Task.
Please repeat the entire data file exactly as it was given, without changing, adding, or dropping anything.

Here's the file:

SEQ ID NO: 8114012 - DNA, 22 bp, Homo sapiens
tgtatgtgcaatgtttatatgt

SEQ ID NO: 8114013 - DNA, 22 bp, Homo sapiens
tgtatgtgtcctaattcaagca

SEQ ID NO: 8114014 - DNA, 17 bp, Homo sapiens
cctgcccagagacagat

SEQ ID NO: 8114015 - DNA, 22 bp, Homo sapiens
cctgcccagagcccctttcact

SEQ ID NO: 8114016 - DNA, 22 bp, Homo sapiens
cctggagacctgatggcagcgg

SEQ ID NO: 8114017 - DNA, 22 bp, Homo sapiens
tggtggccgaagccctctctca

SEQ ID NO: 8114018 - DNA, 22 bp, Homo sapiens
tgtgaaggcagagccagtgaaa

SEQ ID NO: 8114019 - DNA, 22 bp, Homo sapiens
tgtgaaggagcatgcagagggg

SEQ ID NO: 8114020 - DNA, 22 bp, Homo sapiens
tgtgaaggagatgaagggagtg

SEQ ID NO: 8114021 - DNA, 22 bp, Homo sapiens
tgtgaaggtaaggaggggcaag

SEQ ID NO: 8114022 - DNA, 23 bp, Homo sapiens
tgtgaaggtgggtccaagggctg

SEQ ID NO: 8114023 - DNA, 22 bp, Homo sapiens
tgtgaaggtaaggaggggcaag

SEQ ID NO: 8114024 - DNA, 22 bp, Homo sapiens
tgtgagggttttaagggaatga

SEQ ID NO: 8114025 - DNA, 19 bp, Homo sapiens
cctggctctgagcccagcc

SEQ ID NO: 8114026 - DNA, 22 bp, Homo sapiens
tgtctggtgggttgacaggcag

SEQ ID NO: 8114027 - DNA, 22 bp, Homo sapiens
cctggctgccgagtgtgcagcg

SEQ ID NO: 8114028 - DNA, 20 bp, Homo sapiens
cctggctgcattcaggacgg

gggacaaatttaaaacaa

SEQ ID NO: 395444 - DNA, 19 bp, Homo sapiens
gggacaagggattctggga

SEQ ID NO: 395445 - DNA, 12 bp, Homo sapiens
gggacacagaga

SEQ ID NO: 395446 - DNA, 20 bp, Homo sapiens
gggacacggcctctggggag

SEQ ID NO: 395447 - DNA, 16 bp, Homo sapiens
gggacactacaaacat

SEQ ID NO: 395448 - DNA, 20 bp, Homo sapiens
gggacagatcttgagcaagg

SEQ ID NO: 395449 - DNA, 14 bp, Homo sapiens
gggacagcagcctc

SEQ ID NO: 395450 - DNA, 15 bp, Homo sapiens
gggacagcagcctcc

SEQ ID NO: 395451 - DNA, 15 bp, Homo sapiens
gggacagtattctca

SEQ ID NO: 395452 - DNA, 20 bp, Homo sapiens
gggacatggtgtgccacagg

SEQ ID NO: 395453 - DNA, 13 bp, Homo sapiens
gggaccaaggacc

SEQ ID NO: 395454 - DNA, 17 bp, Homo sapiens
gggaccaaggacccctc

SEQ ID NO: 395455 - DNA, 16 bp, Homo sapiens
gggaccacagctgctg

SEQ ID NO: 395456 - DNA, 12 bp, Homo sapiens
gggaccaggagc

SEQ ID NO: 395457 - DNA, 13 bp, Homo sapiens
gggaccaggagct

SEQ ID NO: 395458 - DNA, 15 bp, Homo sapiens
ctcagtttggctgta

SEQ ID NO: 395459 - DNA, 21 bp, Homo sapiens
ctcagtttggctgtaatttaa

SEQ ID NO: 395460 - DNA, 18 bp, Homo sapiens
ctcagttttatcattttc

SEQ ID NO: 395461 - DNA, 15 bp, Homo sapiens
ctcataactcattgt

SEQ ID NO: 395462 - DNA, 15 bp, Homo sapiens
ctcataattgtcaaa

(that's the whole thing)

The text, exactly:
SEQ ID NO: 8114012 - DNA, 22 bp, Homo sapiens
tgtatgtgcaatgtttatatgt

SEQ ID NO: 8114013 - DNA, 22 bp, Homo sapiens
tgtatgtgtcctaattcaagca

SEQ ID NO: 8114014 - DNA, 17 bp, Homo sapiens
cctgcccagagacagat

SEQ ID NO: 8114015 - DNA, 22 bp, Homo sapiens
cctgcccagagcccctttcact

SEQ ID NO: 8114016 - DNA, 22 bp, Homo sapiens
cctggagacctgatggcagcgg

SEQ ID NO: 8114017 - DNA, 22 bp, Homo sapiens
tggtggccgaagccctctctca

SEQ ID NO: 8114018 - DNA, 22 bp, Homo sapiens
tgtgaaggcagagccagtgaaa

SEQ ID NO: 8114019 - DNA, 22 bp, Homo sapiens
tgtgaaggagcatgcagagggg

SEQ ID NO: 8114020 - DNA, 22 bp, Homo sapiens
tgtgaaggagatgaagggagtg

SEQ ID NO: 8114021 - DNA, 22 bp, Homo sapiens
tgtgaaggtaaggaggggcaag

SEQ ID NO: 8114022 - DNA, 23 bp, Homo sapiens
tgtgaaggtgggtccaagggctg

SEQ ID NO: 8114023 - DNA, 22 bp, Homo sapiens
tgtgaaggtaaggaggggcaag

SEQ ID NO: 8114024 - DNA, 22 bp, Homo sapiens
tgtgagggttttaagggaatga

SEQ ID NO: 8114025 - DNA, 19 bp, Homo sapiens
cctggctctgagcccagcc

SEQ ID NO: 8114026 - DNA, 22 bp, Homo sapiens
tgtctggtgggttgacaggcag

SEQ ID NO: 8114027 - DNA, 22 bp, Homo sapiens
cctggctgccgagtgtgcagcg

SEQ ID NO: 8114028 - DNA, 20 bp, Homo sapiens
cctggctgcattcaggacgg

gggacaaatttaaaacaa

SEQ ID NO: 395444 - DNA, 19 bp, Homo sapiens
gggacaagggattctggga

SEQ ID NO: 395445 - DNA, 12 bp, Homo sapiens
gggacacagaga

SEQ ID NO: 395446 - DNA, 20 bp, Homo sapiens
gggacacggcctctggggag

SEQ ID NO: 395447 - DNA, 16 bp, Homo sapiens
gggacactacaaacat

SEQ ID NO: 395448 - DNA, 20 bp, Homo sapiens
gggacagatcttgagcaagg

SEQ ID NO: 395449 - DNA, 14 bp, Homo sapiens
gggacagcagcctc

SEQ ID NO: 395450 - DNA, 15 bp, Homo sapiens
gggacagcagcctcc

SEQ ID NO: 395451 - DNA, 15 bp, Homo sapiens
gggacagtattctca

SEQ ID NO: 395452 - DNA, 20 bp, Homo sapiens
gggacatggtgtgccacagg

SEQ ID NO: 395453 - DNA, 13 bp, Homo sapiens
gggaccaaggacc

SEQ ID NO: 395454 - DNA, 17 bp, Homo sapiens
gggaccaaggacccctc

SEQ ID NO: 395455 - DNA, 16 bp, Homo sapiens
gggaccacagctgctg

SEQ ID NO: 395456 - DNA, 12 bp, Homo sapiens
gggaccaggagc

SEQ ID NO: 395457 - DNA, 13 bp, Homo sapiens
gggaccaggagct

SEQ ID NO: 395458 - DNA, 15 bp, Homo sapiens
ctcagtttggctgta

SEQ ID NO: 395459 - DNA, 21 bp, Homo sapiens
ctcagtttggctgtaatttaa

SEQ ID NO: 395460 - DNA, 18 bp, Homo sapiens
ctcagttttatcattttc

SEQ ID NO: 395461 - DNA, 15 bp, Homo sapiens
ctcataactcattgt

SEQ ID NO: 395462 - DNA, 15 bp, Homo sapiens
ctcataattgtcaaa